- Build #2 — HTML. In the CMS, we created a deploy button that triggers build #2 and #3. This build uses django-bakery to generate all HTML pages and JSON files needed for the applications. We had to optimize the bakery step, so instead of doing multiple SQL requests/page (which was considerably slowing down the build), we only made a few at the beginning of the process and passed down the data.
- Build #3 — Optimization and deployment. Once all the HTML and JSON files are generated, we used critical.js to generate a custom CSS critical for every HTML page. We also minified the HTML as well. As Node JS is single threaded, we leveraged Worker Threads so the script could use as many processes (one core = one process… in theory) as it can handle, depending of the machine. On Cloud Build, it used over 32 workers! See our gist for more details. Finally, we deployed the public folder to Firebase.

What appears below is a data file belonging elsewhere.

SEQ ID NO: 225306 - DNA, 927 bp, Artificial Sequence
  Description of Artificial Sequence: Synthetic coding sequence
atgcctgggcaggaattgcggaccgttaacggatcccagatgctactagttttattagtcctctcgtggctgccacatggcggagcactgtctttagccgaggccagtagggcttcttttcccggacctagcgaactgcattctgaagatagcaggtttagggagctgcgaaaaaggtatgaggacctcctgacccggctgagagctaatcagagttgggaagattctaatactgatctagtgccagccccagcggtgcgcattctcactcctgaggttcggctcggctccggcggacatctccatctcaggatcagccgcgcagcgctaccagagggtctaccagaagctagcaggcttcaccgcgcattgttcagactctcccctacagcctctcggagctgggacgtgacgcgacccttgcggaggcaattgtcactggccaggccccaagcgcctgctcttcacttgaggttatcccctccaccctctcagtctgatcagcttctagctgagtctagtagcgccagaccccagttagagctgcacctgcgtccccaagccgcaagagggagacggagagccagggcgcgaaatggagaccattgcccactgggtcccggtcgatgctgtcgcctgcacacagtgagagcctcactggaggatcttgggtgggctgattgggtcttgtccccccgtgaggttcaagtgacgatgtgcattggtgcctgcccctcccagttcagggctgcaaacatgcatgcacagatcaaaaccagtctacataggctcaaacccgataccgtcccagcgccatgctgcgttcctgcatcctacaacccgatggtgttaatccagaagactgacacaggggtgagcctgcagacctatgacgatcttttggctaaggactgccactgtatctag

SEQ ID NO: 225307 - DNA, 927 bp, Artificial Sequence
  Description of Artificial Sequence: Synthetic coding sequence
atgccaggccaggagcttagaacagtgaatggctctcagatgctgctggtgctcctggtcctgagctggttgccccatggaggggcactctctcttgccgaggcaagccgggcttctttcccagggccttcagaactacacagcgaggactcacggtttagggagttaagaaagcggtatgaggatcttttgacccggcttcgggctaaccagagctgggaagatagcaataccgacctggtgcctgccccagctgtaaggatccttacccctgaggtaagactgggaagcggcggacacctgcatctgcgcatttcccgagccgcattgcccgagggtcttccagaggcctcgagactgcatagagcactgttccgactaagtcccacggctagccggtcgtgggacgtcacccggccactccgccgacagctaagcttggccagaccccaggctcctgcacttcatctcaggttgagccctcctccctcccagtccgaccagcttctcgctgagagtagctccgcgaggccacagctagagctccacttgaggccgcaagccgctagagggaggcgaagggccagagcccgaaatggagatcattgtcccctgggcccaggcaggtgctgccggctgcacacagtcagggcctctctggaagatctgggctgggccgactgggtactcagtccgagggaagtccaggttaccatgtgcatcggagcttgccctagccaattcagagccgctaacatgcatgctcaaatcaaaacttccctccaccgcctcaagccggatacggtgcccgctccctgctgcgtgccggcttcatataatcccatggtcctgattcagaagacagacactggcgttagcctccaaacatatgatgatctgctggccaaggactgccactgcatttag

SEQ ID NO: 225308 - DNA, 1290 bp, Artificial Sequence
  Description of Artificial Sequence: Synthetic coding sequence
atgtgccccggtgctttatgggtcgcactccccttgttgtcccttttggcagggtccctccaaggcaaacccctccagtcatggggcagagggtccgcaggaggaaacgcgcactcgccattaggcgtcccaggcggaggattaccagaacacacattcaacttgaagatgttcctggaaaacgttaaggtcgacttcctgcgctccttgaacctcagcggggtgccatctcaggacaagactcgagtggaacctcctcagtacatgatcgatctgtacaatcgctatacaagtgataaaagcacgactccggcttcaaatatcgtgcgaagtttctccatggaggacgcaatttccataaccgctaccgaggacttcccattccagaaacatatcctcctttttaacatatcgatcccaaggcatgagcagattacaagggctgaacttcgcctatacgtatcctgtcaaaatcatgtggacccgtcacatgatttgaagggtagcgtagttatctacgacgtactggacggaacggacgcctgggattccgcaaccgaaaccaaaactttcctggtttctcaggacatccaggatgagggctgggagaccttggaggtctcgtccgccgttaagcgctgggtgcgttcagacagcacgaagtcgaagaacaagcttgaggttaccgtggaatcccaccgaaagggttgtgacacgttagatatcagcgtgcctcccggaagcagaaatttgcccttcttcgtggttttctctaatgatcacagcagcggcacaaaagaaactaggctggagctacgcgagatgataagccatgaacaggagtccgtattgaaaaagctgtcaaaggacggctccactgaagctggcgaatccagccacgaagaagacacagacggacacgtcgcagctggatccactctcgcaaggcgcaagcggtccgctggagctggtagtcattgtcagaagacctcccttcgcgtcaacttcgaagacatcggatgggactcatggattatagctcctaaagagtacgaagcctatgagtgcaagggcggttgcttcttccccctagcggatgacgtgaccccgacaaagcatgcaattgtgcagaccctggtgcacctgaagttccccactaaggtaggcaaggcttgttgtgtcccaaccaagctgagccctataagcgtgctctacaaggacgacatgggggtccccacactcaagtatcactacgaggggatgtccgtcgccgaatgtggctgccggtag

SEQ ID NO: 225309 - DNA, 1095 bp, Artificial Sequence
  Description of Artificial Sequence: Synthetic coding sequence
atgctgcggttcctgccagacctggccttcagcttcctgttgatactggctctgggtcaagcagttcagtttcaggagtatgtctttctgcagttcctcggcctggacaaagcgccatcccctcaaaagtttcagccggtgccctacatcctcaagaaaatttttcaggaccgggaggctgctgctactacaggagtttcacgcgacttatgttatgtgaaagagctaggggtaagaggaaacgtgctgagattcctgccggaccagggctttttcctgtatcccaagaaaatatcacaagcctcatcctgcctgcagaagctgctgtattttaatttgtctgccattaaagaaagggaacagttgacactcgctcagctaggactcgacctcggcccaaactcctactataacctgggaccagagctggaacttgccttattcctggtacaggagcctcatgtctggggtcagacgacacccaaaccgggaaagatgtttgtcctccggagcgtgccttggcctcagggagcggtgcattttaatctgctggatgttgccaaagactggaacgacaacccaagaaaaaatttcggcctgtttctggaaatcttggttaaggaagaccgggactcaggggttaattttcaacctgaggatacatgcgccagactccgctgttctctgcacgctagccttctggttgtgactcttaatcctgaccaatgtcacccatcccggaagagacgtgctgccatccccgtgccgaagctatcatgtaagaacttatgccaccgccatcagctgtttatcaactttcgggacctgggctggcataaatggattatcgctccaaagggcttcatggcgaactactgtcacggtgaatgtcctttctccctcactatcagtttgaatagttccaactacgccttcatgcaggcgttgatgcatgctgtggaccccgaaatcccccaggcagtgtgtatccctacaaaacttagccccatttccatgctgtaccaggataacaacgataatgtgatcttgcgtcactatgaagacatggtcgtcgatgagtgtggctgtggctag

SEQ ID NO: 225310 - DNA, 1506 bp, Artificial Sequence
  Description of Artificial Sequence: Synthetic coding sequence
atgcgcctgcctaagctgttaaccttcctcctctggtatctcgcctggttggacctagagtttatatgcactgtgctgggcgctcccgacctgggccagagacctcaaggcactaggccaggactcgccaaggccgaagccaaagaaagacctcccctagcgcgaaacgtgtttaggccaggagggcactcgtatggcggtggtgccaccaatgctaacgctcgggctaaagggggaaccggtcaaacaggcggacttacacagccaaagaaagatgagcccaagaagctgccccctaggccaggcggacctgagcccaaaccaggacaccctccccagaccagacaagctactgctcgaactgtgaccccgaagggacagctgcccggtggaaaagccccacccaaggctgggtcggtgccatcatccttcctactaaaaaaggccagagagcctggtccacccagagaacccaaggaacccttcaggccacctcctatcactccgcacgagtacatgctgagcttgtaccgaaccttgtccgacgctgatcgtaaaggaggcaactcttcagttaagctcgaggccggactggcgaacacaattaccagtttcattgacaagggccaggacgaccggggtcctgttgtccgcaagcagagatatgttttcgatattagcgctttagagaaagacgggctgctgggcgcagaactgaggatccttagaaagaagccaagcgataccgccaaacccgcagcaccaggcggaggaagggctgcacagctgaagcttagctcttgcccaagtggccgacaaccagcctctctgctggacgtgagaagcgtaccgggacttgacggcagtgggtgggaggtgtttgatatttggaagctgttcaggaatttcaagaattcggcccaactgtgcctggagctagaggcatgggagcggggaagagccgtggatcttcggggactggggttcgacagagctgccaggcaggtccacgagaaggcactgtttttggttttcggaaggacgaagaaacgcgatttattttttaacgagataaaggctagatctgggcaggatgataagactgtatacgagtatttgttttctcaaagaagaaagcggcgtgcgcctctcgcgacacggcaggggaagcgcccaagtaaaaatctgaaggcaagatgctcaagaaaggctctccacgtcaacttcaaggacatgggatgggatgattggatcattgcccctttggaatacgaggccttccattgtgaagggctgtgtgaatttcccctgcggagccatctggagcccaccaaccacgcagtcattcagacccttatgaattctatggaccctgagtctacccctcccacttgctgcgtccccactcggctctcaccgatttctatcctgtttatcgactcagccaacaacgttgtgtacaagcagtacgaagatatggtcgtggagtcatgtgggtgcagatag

In the end, it now takes around ~6 minutes to build and deploy over 2000 optimized pages and 2000 JSON files, when it was taking over 15 minutes before all of our optimizations 🚀
Before diving into WebGL, let’s look a bit at the front-end. As mentioned before, in order to fully embrace static rendering, we shared templates with the back-end using Jinja2.
Therefore, it’s a full Vanilla JS application: no framework, only small libraries here and there. We used Redux to make our application states driven, coupled with Immutable.
We worked with Samsy to handle the WebGL part. He set up his own application, and built an API as a bridge between the main Front-end application and the WebGL.